[Source: PLoS One, full page: (LINK). Abstract, edited.]
OPEN ACCESS / PEER-REVIEWED / RESEARCH ARTICLE
Global reaction to the recent outbreaks of Zika virus: Insights from a Big Data analysis
Nicola Luigi Bragazzi , Cristiano Alicino , Cecilia Trucchi, Chiara Paganino, Ilaria Barberis, Mariano Martini, Laura Sticchi, Eugen Trinka, Francesco Brigo, Filippo Ansaldi, Giancarlo Icardi, Andrea Orsi
Published: September 21, 2017 / DOI: https://doi.org/10.1371/journal.pone.0185263
The recent spreading of Zika virus represents an emerging global health threat. As such, it is attracting public interest worldwide, generating a great amount of related Internet searches and social media interactions. The aim of this research was to understand Zika-related digital behavior throughout the epidemic spreading and to assess its consistence with real-world epidemiological data, using a behavioral informatics and analytics approach.
In this study, the global web-interest and reaction to the recently occurred outbreaks of the Zika Virus were analyzed in terms of tweets and Google Trends (GT), Google News, YouTube, and Wikipedia search queries. These data streams were mined from 1st January 2004 to 31stOctober 2016, with a focus on the period November 2015—October 2016. This analysis was complemented with the use of epidemiological data. Spearman’s correlation was performed to correlate all Zika-related data. Moreover, a multivariate regression was performed using Zika-related search queries as a dependent variable, and epidemiological data, number of inhabitants in 2015 and Human Development Index as predictor variables.
Overall 3,864,395 tweets, 284,903 accesses to Wikipedia pages dedicated to the Zika virus were analyzed during the study period. All web-data sources showed that the main spike of researches and interactions occurred in February 2016 with a second peak in August 2016. All novel data streams-related activities increased markedly during the epidemic period with respect to pre-epidemic period when no web activity was detected. Correlations between data from all these web platforms resulted very high and statistically significant. The countries in which web searches were particularly concentrated are mainly from Central and South Americas. The majority of queries concerned the symptoms of the Zika virus, its vector of transmission, and its possible effect to babies, including microcephaly. No statistically significant correlation was found between novel data streams and global real-world epidemiological data. At country level, a correlation between the digital interest towards the Zika virus and Zika incidence rate or microcephaly cases has been detected.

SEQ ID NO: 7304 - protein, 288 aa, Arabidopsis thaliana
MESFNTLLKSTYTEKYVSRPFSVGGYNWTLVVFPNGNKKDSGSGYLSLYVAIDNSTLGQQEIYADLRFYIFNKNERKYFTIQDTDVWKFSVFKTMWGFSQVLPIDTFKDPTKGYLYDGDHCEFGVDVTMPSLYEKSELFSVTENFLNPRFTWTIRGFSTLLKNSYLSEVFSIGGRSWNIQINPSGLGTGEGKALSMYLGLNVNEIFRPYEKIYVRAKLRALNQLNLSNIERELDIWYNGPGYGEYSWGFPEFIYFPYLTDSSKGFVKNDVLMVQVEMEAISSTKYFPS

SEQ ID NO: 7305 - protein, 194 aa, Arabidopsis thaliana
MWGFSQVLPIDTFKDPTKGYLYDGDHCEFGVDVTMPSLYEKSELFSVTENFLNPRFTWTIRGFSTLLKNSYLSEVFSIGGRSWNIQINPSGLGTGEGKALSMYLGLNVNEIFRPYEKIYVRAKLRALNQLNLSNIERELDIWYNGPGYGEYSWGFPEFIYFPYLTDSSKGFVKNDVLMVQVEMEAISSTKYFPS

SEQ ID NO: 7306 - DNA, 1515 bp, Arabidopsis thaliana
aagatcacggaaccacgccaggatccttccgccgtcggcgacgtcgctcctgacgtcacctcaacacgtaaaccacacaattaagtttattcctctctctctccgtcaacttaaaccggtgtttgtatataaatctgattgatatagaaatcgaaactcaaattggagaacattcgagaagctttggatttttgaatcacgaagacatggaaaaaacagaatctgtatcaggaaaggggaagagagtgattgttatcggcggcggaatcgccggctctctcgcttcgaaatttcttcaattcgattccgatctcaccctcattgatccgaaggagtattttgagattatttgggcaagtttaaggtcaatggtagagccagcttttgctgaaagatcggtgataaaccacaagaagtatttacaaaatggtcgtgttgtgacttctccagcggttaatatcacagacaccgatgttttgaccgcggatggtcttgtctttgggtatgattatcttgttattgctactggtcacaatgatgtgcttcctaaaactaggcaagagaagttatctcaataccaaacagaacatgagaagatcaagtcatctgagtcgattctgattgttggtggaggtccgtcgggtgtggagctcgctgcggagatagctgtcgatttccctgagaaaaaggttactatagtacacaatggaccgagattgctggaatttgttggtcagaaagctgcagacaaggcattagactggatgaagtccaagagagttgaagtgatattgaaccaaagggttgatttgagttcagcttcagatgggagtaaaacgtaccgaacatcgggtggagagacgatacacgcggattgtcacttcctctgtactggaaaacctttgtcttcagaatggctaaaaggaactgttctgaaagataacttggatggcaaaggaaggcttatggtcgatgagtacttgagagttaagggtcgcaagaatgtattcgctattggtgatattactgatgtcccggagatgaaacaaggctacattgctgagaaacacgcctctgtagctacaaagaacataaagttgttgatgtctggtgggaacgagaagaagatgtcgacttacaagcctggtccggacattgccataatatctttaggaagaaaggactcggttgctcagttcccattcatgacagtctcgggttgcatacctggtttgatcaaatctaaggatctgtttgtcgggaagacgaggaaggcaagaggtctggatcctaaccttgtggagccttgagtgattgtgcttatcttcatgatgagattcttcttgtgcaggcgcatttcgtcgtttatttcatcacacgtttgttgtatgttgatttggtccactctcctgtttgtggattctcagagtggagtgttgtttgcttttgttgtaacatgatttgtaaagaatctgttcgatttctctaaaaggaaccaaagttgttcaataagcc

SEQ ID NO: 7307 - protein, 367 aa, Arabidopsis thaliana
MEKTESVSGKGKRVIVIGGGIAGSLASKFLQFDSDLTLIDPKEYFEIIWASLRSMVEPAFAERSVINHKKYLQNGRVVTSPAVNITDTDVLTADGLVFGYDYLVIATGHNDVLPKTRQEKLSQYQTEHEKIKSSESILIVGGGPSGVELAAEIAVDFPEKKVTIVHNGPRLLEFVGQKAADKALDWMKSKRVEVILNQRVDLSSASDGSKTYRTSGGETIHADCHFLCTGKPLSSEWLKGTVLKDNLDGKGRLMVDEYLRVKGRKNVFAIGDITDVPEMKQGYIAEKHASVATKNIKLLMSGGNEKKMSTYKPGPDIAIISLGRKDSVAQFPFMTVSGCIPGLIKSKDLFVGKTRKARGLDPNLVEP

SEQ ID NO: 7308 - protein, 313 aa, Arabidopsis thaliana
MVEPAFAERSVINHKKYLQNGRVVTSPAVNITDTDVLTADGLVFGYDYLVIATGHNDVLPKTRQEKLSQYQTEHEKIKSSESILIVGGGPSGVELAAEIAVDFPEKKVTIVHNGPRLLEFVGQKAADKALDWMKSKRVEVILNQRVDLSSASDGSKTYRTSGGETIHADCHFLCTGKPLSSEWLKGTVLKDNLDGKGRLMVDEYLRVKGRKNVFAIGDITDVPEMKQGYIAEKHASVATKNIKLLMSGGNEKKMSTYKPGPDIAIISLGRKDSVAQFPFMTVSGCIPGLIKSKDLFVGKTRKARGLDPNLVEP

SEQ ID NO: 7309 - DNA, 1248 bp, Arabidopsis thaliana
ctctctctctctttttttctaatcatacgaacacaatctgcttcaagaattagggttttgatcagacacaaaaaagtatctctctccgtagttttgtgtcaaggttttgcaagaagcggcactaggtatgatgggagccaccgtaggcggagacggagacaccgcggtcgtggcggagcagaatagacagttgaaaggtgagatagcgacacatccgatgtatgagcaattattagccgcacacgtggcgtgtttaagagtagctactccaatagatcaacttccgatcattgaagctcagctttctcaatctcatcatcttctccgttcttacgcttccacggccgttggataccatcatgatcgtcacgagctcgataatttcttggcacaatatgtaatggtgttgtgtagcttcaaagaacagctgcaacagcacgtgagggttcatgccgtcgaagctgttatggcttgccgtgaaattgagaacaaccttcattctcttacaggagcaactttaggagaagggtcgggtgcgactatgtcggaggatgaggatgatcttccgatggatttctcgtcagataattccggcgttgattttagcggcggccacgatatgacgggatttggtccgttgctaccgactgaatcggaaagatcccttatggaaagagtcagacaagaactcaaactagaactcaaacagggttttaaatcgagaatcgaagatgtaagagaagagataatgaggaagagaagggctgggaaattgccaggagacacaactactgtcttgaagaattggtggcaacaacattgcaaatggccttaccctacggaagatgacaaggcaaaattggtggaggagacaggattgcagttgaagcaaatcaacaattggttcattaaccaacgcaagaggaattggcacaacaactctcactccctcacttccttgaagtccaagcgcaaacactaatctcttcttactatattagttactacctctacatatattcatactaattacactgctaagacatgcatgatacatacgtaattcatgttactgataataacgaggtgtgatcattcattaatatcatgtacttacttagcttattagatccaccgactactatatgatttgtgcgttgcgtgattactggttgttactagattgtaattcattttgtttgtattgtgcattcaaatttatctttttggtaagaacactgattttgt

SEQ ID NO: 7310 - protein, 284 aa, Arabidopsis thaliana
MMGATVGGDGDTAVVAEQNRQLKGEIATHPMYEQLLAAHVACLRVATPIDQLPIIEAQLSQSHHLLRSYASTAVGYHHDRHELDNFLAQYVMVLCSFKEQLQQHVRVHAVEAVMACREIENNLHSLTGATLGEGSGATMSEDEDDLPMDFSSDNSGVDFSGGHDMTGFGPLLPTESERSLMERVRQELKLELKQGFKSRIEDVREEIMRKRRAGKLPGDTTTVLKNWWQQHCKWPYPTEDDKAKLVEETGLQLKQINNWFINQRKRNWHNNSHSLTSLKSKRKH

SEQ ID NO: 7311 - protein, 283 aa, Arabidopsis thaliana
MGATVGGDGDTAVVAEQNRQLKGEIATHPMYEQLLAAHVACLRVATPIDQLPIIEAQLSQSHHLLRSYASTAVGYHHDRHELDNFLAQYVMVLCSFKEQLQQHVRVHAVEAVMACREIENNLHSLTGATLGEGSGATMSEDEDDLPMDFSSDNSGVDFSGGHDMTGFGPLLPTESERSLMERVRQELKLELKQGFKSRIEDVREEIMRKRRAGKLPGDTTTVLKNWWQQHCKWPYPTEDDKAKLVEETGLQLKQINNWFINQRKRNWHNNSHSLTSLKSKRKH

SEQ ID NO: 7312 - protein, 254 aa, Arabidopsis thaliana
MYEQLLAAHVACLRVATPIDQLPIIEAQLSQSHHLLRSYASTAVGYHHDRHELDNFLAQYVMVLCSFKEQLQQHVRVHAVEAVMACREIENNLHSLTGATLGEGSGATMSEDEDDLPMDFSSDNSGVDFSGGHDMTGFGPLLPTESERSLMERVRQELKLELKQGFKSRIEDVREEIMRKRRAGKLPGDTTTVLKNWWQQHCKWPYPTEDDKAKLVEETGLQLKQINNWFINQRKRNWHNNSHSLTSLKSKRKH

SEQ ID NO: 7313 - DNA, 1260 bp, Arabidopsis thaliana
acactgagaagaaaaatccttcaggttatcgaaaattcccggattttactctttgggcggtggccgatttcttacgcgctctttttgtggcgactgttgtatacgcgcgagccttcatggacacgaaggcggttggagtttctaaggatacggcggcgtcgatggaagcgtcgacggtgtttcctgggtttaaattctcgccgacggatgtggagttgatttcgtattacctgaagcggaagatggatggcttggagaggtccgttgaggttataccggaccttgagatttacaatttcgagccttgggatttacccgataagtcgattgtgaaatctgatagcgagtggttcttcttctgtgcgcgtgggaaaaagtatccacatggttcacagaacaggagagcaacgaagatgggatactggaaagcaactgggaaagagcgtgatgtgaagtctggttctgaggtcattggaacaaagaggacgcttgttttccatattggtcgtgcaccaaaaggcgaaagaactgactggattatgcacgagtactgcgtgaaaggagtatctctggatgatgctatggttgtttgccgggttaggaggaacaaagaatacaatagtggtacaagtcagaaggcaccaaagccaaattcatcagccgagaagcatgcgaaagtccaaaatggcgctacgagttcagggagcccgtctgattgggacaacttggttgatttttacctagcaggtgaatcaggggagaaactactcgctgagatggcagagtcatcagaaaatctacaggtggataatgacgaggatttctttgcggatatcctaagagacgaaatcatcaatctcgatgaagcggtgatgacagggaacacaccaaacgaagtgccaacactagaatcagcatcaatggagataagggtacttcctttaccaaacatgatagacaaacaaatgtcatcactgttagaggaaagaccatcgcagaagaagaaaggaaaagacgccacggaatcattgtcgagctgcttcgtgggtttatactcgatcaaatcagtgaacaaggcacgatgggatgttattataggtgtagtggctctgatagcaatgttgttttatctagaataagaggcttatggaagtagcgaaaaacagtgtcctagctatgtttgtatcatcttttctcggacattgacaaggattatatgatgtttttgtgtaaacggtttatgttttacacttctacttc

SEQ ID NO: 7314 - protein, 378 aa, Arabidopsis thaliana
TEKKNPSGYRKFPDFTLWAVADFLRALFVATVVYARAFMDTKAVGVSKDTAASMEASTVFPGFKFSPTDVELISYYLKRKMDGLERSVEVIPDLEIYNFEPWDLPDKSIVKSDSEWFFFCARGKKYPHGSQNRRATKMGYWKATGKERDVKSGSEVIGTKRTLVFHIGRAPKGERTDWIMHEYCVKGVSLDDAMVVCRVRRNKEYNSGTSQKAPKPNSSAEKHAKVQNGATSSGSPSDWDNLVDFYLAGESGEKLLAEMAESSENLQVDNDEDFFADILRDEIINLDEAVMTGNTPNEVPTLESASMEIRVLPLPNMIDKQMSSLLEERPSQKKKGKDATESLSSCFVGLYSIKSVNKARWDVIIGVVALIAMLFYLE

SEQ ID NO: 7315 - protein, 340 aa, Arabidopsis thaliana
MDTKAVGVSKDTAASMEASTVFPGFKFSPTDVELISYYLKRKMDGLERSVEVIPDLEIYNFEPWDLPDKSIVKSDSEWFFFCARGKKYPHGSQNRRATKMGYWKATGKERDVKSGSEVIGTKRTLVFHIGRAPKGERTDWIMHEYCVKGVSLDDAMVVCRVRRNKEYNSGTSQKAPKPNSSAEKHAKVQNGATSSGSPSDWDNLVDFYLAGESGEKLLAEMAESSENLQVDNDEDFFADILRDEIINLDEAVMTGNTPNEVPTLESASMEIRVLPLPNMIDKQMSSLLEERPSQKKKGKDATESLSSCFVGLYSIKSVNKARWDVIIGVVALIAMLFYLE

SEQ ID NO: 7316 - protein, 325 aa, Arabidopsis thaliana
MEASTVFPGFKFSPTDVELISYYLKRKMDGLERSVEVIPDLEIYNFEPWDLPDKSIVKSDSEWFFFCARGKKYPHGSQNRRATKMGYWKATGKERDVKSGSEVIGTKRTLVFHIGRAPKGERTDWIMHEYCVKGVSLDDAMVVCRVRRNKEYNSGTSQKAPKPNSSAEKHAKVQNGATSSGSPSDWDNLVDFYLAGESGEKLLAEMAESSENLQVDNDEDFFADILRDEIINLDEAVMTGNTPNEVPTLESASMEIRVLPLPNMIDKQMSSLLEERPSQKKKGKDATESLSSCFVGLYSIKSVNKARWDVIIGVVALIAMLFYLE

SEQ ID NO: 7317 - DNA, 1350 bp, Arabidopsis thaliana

An increasing public interest and reaction to the current Zika virus outbreak was documented by all web-data sources and a similar pattern of web reactions has been detected. The public opinion seems to be particularly worried by the alert of teratogenicity of the Zika virus. Stakeholders and health authorities could usefully exploited these internet tools for collecting the concerns of public opinion and reply to them, disseminating key information.
Citation: Bragazzi NL, Alicino C, Trucchi C, Paganino C, Barberis I, Martini M, et al. (2017) Global reaction to the recent outbreaks of Zika virus: Insights from a Big Data analysis. PLoS ONE 12(9): e0185263. https://doi.org/10.1371/journal.pone.0185263
Editor: Donald R. Olson, New York City Department of Health and Mental Hygiene, UNITED STATES
Received: January 26, 2017; Accepted: September 8, 2017; Published: September 21, 2017
Copyright: © 2017 Bragazzi et al. This is an open access article distributed under the terms of the Creative Commons Attribution License, which permits unrestricted use, distribution, and reproduction in any medium, provided the original author and source are credited.
Data Availability: All relevant data are within the paper and its Supporting Information files.
Funding: The authors received no specific funding for this work.
Competing interests: The authors have declared that no competing interests exist.
Keywords: Zika Virus; Society; Public Health.